The first non-native American seeing the lake was John Wesley Hillman. After the lake was called Blue Lake and Lake Majesty, before being known as Crater Lake. https://www.nps.gov/crla/index.htm Bring a pair of binoculars, find a spot where car lights won’t flash at you, and sit back for one of the best night sky viewing locations in America. The closest big town to Crater Lake is Klamath Falls. Because of this and its level of isolation, Crater Lake is known world wide for being a stunning place to see the night sky.

When no moon is visible and the sky is cloud free, the universe unfolds over Crater Lake completely (in a way that is beyond words). The first picture of Crater Lake was taken in 1874 (but now the iconic lake can be seen on mugs, keychains and everything else sold in gift shops. 7,700 years ago, the mountain and the landscape surrounding this peak was forever changed by huge eruption. https://www.nps.gov/crla/planyourvisit/hours.htm The eruption was the largest eruption in US in the last 500,000 years. Once the eruption subsided, the lack of lava below the mountain caused the hollowed out crater to collapse.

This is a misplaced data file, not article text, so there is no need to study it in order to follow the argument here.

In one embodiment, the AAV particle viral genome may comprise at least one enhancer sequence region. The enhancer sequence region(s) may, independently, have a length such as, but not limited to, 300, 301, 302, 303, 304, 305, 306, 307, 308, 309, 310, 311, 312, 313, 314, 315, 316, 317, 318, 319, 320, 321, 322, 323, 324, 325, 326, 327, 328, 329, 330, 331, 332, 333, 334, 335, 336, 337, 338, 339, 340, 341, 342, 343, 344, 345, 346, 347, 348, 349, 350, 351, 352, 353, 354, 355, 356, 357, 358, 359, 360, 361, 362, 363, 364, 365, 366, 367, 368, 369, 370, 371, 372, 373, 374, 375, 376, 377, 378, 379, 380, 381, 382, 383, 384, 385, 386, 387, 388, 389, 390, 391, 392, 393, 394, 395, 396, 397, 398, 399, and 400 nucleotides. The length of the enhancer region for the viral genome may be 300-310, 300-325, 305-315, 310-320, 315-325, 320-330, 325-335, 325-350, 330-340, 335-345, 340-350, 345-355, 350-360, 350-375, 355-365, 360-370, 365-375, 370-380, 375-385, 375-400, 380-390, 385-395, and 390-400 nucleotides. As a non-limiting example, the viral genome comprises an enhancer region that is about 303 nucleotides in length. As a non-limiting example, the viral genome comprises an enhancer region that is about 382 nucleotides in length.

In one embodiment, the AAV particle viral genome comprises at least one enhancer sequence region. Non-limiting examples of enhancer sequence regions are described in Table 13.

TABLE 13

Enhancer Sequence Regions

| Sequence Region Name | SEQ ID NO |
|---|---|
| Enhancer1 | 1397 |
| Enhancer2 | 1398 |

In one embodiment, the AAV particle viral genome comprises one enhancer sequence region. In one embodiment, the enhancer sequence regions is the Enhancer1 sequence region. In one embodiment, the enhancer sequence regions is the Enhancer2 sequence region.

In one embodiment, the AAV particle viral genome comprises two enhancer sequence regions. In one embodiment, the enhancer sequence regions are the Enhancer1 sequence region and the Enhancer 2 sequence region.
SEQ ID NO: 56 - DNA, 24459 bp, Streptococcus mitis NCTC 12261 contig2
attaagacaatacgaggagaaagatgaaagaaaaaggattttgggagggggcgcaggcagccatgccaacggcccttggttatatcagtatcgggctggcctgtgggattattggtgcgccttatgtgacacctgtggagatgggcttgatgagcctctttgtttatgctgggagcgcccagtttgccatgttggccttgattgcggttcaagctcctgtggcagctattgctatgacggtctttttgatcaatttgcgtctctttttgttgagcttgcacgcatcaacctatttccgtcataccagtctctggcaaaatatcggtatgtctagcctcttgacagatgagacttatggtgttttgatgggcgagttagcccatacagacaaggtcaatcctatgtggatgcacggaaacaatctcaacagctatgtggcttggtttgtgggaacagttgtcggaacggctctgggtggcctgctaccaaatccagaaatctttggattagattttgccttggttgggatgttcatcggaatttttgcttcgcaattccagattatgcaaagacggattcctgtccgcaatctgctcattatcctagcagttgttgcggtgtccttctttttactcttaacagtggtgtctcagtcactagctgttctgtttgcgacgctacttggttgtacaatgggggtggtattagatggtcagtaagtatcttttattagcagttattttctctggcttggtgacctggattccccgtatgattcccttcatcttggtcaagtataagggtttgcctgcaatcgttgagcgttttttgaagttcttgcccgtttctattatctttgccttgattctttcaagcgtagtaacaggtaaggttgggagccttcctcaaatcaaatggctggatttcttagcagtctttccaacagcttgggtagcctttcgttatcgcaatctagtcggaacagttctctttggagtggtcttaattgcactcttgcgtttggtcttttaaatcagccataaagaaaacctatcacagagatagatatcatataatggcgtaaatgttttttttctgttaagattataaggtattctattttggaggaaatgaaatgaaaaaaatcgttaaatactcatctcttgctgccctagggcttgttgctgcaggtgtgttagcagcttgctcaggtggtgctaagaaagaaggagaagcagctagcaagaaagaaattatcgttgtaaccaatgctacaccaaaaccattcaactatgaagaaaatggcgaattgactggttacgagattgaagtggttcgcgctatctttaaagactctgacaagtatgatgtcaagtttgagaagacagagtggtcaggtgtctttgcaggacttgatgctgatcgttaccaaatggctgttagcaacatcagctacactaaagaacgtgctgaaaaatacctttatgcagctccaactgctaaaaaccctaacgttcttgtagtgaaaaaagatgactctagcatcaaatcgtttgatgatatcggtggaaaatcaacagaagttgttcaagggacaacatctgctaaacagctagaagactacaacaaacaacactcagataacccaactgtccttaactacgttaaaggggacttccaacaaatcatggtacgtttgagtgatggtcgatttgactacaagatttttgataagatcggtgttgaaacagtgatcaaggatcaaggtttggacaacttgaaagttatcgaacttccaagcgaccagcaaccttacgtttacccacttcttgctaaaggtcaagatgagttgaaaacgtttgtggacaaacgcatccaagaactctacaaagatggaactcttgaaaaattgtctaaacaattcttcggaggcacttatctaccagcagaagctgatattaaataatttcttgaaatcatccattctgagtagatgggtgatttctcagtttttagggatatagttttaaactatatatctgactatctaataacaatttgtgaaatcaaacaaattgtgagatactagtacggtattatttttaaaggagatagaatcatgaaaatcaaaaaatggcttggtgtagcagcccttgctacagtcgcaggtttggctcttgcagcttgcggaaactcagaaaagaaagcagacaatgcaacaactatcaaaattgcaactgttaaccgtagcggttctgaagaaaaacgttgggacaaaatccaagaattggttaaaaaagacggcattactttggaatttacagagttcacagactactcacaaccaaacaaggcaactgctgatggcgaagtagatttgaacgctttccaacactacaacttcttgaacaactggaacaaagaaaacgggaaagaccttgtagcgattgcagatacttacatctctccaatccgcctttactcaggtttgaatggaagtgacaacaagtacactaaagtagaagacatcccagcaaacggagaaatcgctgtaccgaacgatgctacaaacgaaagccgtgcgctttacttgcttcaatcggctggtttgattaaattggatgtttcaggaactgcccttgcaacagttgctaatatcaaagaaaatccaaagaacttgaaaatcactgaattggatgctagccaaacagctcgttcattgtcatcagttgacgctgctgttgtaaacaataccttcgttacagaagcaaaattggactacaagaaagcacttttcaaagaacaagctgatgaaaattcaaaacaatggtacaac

Hiking? Crater Lake National Park has over 90 miles of trails. The views and experiences from each corner of the rim are unique. The most popular hike is Garfield Peak, https://www.nps.gov/crla/planyourvisit/hours.htm a short but steep hike. Impressive panoramas await you, if you have the fortitude to climb this peak. Another short (but steep hike) is the Fleetwood Cove Trail to the shores of Crater Lake. This trail is easy, if is taken slow with water breaks, but can give a tough time to those who aren’t used to hiking. Down at the waters edge, can be accessed a boat ride to the Wizard Island Trail.

Passing through small towns and pine forests, Crater lake appears out of nowhere, making the drive less of a road trip, and more of an adventure into the unknown. Crater Lake National Park is kind a far from anywhere, which adds to the appeal of this amazing destination. https://www.nps.gov/crla/planyourvisit/accessibility.htm Oregon’s only National Park is 398 miles from San Francisco. It is hard to describe this region of Oregon, but it should be seen by everyone, as it gives stunning views of Mount Hoodand many more peaks in Oregon.

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